Could Texas leaders be so committed to lowering property taxes that they trade it for an increase in sales taxes? The answer to that question could become clearer this week.

As soon as Monday, legislators could take up two bills — House Bill 2 and Senate Bill 2 — that propose caps on local property taxes. The bills being pushed by top state leaders would make it so a city, school district or other taxing entity would have to hold a vote if its leaders wanted to raise its property tax revenues by more than 2.5 percent a year.

Municipal leaders from around the state, including Galveston Mayor Jim Yarbrough, argue such a low tax cap would threaten basic services in the city and require cuts to public safety.

The tax proposals are controversial enough that they’ve yet to make it to the floor of either the Texas House or Senate. On Wednesday, in an apparent effort to incentivize a vote on the tax cap, Texas Gov. Greg Abbott, Lt. Gov. Dan Patrick and Speaker of the House Dennis Bonnen made another proposal: if legislators agreed to a property tax cap, they would back a 1-cent increase to the state sales tax .

“If the 1-cent increase in the sales tax passes, it will result in billions of dollars in revenue to help drive down property taxes in the short and long term,” the three said in a statement.

The sales tax plan drew cautious support from some of Galveston County’s elected legislators.

“I support a sales tax for property tax swap, but only if it is 100 percent dedicated to buying down property taxes,” said state Rep. Mayes Middleton, of Wallisville. “A swap must have ironclad limits on the property taxes being bought down, so the buy-down is not immediately eroded away by valuation and tax rate increases.

“This plan will work well, but only with careful guardrails in place that protect the taxpayers.”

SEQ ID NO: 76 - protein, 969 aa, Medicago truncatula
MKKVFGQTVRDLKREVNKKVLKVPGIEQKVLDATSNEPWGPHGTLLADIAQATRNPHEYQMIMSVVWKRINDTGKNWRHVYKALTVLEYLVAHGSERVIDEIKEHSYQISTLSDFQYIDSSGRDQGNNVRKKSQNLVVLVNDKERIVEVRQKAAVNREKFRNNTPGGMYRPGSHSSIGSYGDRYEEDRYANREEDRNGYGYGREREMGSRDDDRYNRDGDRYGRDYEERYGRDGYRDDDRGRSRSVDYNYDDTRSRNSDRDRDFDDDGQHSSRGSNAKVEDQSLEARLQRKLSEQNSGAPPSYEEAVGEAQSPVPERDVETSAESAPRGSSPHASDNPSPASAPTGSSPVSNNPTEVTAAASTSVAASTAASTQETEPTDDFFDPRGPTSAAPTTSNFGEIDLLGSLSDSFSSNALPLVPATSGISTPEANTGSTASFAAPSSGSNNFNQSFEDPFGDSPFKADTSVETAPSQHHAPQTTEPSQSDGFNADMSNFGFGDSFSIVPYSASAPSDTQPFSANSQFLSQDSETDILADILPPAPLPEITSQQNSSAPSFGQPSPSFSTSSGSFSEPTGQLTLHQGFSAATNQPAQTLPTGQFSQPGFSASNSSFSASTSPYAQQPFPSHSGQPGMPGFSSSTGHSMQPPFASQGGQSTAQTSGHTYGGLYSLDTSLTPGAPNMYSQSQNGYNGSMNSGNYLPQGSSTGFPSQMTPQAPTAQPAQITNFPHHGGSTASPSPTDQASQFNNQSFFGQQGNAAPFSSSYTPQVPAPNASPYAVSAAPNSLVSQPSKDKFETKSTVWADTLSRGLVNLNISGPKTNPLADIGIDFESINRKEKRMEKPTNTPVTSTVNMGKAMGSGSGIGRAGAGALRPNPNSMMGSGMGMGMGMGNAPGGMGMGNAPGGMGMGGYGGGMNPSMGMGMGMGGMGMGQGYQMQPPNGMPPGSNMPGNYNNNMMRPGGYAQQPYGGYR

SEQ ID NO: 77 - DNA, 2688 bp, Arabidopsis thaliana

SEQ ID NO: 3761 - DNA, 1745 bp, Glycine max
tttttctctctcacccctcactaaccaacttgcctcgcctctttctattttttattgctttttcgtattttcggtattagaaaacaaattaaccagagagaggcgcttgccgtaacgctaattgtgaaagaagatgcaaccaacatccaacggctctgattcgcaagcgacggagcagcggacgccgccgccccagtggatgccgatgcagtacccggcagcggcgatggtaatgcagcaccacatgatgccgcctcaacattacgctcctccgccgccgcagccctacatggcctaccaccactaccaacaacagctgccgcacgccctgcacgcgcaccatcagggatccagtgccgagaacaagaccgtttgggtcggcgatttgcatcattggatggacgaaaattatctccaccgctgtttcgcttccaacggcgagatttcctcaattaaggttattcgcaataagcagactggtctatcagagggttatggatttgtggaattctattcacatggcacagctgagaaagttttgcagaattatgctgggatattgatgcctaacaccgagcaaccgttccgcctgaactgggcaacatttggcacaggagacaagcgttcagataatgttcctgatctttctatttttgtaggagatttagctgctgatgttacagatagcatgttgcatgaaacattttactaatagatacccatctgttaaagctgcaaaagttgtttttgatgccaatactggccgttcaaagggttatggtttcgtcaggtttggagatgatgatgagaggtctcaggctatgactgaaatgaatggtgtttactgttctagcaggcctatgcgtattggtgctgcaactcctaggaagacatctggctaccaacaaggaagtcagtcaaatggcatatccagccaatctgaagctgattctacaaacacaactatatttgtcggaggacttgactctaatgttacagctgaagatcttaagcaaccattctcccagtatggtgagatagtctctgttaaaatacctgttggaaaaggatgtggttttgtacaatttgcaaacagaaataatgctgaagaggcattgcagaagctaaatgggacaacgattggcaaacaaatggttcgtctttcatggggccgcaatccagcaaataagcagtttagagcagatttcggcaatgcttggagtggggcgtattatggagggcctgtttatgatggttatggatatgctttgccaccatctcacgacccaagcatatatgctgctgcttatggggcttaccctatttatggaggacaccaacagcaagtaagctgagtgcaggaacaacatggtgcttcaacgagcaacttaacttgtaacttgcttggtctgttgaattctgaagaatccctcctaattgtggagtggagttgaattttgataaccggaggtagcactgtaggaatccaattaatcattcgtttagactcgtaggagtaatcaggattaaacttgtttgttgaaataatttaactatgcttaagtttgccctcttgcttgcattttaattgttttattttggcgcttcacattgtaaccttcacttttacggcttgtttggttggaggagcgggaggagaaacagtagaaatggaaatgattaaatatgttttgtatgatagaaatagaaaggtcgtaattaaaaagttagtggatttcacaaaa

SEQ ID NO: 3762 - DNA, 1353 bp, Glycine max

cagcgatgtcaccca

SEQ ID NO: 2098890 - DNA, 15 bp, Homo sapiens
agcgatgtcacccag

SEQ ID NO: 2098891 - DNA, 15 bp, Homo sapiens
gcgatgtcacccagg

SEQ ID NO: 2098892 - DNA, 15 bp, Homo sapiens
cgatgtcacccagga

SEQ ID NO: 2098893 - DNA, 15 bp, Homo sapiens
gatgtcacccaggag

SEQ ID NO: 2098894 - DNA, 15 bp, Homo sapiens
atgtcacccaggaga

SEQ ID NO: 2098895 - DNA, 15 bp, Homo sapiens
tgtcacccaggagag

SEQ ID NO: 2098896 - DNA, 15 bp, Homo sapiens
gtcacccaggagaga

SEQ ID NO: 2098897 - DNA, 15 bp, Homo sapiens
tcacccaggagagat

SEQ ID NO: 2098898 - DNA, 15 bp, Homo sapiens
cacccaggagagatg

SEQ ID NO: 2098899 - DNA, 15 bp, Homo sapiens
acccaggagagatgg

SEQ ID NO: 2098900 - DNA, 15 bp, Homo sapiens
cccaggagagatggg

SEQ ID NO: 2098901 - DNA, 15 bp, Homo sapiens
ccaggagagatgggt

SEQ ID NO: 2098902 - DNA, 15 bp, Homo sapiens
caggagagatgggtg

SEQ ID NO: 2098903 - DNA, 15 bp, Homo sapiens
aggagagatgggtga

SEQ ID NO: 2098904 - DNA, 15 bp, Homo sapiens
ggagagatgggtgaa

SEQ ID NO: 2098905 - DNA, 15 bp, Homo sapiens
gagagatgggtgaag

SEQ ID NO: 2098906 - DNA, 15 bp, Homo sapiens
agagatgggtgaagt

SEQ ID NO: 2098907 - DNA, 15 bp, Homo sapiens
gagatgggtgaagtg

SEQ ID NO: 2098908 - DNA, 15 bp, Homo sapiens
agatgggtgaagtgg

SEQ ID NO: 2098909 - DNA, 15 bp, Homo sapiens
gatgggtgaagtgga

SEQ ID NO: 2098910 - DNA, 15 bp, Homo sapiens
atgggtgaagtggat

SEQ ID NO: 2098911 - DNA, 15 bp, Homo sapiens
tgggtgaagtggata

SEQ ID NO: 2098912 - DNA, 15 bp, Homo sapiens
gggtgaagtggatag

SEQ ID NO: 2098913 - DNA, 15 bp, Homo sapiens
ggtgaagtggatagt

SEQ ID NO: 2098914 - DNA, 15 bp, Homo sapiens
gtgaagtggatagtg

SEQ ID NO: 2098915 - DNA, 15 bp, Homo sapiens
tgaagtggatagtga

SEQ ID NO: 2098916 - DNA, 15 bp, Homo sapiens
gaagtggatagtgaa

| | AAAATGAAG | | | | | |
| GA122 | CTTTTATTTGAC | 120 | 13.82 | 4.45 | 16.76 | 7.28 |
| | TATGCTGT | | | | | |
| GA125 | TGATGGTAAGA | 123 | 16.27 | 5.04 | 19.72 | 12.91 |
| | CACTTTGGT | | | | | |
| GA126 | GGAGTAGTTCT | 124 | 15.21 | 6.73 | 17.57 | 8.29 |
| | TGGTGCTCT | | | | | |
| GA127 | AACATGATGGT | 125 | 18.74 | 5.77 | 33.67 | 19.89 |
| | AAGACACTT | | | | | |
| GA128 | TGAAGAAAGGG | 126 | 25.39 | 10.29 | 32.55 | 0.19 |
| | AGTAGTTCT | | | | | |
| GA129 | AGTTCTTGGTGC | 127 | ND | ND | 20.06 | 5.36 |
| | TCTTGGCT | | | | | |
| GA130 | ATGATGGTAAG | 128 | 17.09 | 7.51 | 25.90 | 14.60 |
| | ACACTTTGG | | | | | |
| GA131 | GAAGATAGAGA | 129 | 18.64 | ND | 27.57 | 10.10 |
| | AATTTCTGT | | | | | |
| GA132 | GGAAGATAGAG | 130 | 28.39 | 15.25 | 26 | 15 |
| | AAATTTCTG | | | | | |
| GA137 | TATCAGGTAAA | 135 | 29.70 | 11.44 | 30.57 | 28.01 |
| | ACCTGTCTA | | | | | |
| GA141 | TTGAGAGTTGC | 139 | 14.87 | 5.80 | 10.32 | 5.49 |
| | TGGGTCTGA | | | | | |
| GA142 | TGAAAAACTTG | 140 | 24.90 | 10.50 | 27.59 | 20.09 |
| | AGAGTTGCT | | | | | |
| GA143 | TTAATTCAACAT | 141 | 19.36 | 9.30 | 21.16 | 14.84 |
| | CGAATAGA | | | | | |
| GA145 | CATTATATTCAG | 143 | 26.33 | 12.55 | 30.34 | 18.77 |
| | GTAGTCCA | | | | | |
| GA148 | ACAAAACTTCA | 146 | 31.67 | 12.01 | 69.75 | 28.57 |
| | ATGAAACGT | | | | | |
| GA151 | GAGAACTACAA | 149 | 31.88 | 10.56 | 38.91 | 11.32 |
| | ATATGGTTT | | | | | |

Similarly, state Sen. Larry Taylor said he could support the sales tax, if it was targeted at lowering certain kinds of property taxes

“I am supportive of the consideration of an increase in sales tax only if it is for a dollar-for-dollar decrease in school property taxes,” Taylor said.

On Wednesday, the House of Representatives is scheduled to consider a bill that would do just that. The House Ways and Means committee will consider House Joint Resolution 3 and House Bill 4621, which specifically proposes trading a decrease in school property taxes with an increase in sales tax.

State Rep. Dan Huberty’s bills call for a constitutional amendment to raise the sales tax. It would need to be approved by two-thirds of both the Texas House and the Senate and by a majority of voters in November to take effect.

The sales tax proposal would raise the statewide sales tax from 6.25 percent to 7.25 percent. That means in places like Galveston, which already has a 2 percent local sales tax, total sales taxes could be as high as 9.25 percent.

The Texas Center for Public Policy Priorities, a progressive think tank, called the plan the wrong approach to addressing tax reform in Texas that will end up taking more from low-income people.